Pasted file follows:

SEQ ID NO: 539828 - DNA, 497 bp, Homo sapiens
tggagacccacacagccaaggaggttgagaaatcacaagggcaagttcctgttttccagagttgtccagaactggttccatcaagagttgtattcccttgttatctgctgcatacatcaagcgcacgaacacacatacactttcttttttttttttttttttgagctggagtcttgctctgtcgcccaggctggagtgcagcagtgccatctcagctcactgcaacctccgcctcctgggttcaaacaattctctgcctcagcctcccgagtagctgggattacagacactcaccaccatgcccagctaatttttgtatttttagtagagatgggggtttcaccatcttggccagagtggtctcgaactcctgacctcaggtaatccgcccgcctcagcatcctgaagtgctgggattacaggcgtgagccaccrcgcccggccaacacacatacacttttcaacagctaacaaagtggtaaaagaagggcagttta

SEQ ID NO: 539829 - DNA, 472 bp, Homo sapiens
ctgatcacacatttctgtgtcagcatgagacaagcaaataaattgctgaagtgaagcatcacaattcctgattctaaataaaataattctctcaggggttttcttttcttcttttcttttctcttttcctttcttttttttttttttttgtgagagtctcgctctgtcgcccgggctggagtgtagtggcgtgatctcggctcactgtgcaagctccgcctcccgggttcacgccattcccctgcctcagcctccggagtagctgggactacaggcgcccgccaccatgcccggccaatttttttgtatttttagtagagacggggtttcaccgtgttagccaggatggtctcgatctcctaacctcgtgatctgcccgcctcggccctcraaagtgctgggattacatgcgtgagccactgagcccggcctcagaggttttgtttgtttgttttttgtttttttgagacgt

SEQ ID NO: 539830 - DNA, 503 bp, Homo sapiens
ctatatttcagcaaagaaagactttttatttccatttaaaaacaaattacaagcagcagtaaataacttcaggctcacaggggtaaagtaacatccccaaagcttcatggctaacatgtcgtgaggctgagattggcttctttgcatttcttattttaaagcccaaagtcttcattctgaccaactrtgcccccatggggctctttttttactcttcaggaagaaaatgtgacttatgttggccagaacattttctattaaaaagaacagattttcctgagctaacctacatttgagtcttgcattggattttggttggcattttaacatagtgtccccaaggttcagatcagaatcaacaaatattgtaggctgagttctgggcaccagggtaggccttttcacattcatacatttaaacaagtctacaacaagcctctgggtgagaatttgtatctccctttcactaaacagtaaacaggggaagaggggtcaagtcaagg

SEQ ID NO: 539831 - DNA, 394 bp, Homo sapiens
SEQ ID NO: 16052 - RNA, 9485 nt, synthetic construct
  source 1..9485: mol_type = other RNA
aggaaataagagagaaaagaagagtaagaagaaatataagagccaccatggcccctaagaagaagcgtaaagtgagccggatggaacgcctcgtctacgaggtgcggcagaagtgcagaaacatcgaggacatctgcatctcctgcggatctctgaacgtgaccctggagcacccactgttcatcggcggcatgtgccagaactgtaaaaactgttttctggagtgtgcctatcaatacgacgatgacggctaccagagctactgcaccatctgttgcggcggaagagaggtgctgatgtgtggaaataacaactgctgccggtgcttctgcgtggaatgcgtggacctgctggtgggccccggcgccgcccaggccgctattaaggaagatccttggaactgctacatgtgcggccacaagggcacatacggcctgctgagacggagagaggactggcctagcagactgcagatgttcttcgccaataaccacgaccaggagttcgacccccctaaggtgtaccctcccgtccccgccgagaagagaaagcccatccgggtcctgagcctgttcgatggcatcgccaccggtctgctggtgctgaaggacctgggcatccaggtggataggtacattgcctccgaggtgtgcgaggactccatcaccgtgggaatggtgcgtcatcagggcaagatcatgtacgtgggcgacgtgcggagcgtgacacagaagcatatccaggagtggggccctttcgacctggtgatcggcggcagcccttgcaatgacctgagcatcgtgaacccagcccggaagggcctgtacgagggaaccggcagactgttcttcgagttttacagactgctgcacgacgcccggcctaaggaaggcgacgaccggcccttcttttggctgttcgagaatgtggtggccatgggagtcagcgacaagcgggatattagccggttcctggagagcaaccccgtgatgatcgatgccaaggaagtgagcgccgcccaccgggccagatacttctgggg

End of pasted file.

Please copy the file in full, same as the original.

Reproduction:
SEQ ID NO: 539828 - DNA, 497 bp, Homo sapiens
tggagacccacacagccaaggaggttgagaaatcacaagggcaagttcctgttttccagagttgtccagaactggttccatcaagagttgtattcccttgttatctgctgcatacatcaagcgcacgaacacacatacactttcttttttttttttttttttgagctggagtcttgctctgtcgcccaggctggagtgcagcagtgccatctcagctcactgcaacctccgcctcctgggttcaaacaattctctgcctcagcctcccgagtagctgggattacagacactcaccaccatgcccagctaatttttgtatttttagtagagatgggggtttcaccatcttggccagagtggtctcgaactcctgacctcaggtaatccgcccgcctcagcatcctgaagtgctgggattacaggcgtgagccaccrcgcccggccaacacacatacacttttcaacagctaacaaagtggtaaaagaagggcagttta

SEQ ID NO: 539829 - DNA, 472 bp, Homo sapiens
ctgatcacacatttctgtgtcagcatgagacaagcaaataaattgctgaagtgaagcatcacaattcctgattctaaataaaataattctctcaggggttttcttttcttcttttcttttctcttttcctttcttttttttttttttttgtgagagtctcgctctgtcgcccgggctggagtgtagtggcgtgatctcggctcactgtgcaagctccgcctcccgggttcacgccattcccctgcctcagcctccggagtagctgggactacaggcgcccgccaccatgcccggccaatttttttgtatttttagtagagacggggtttcaccgtgttagccaggatggtctcgatctcctaacctcgtgatctgcccgcctcggccctcraaagtgctgggattacatgcgtgagccactgagcccggcctcagaggttttgtttgtttgttttttgtttttttgagacgt

SEQ ID NO: 539830 - DNA, 503 bp, Homo sapiens
ctatatttcagcaaagaaagactttttatttccatttaaaaacaaattacaagcagcagtaaataacttcaggctcacaggggtaaagtaacatccccaaagcttcatggctaacatgtcgtgaggctgagattggcttctttgcatttcttattttaaagcccaaagtcttcattctgaccaactrtgcccccatggggctctttttttactcttcaggaagaaaatgtgacttatgttggccagaacattttctattaaaaagaacagattttcctgagctaacctacatttgagtcttgcattggattttggttggcattttaacatagtgtccccaaggttcagatcagaatcaacaaatattgtaggctgagttctgggcaccagggtaggccttttcacattcatacatttaaacaagtctacaacaagcctctgggtgagaatttgtatctccctttcactaaacagtaaacaggggaagaggggtcaagtcaagg

SEQ ID NO: 539831 - DNA, 394 bp, Homo sapiens
SEQ ID NO: 16052 - RNA, 9485 nt, synthetic construct
  source 1..9485: mol_type = other RNA
aggaaataagagagaaaagaagagtaagaagaaatataagagccaccatggcccctaagaagaagcgtaaagtgagccggatggaacgcctcgtctacgaggtgcggcagaagtgcagaaacatcgaggacatctgcatctcctgcggatctctgaacgtgaccctggagcacccactgttcatcggcggcatgtgccagaactgtaaaaactgttttctggagtgtgcctatcaatacgacgatgacggctaccagagctactgcaccatctgttgcggcggaagagaggtgctgatgtgtggaaataacaactgctgccggtgcttctgcgtggaatgcgtggacctgctggtgggccccggcgccgcccaggccgctattaaggaagatccttggaactgctacatgtgcggccacaagggcacatacggcctgctgagacggagagaggactggcctagcagactgcagatgttcttcgccaataaccacgaccaggagttcgacccccctaaggtgtaccctcccgtccccgccgagaagagaaagcccatccgggtcctgagcctgttcgatggcatcgccaccggtctgctggtgctgaaggacctgggcatccaggtggataggtacattgcctccgaggtgtgcgaggactccatcaccgtgggaatggtgcgtcatcagggcaagatcatgtacgtgggcgacgtgcggagcgtgacacagaagcatatccaggagtggggccctttcgacctggtgatcggcggcagcccttgcaatgacctgagcatcgtgaacccagcccggaagggcctgtacgagggaaccggcagactgttcttcgagttttacagactgctgcacgacgcccggcctaaggaaggcgacgaccggcccttcttttggctgttcgagaatgtggtggccatgggagtcagcgacaagcgggatattagccggttcctggagagcaaccccgtgatgatcgatgccaaggaagtgagcgccgcccaccgggccagatacttctgggg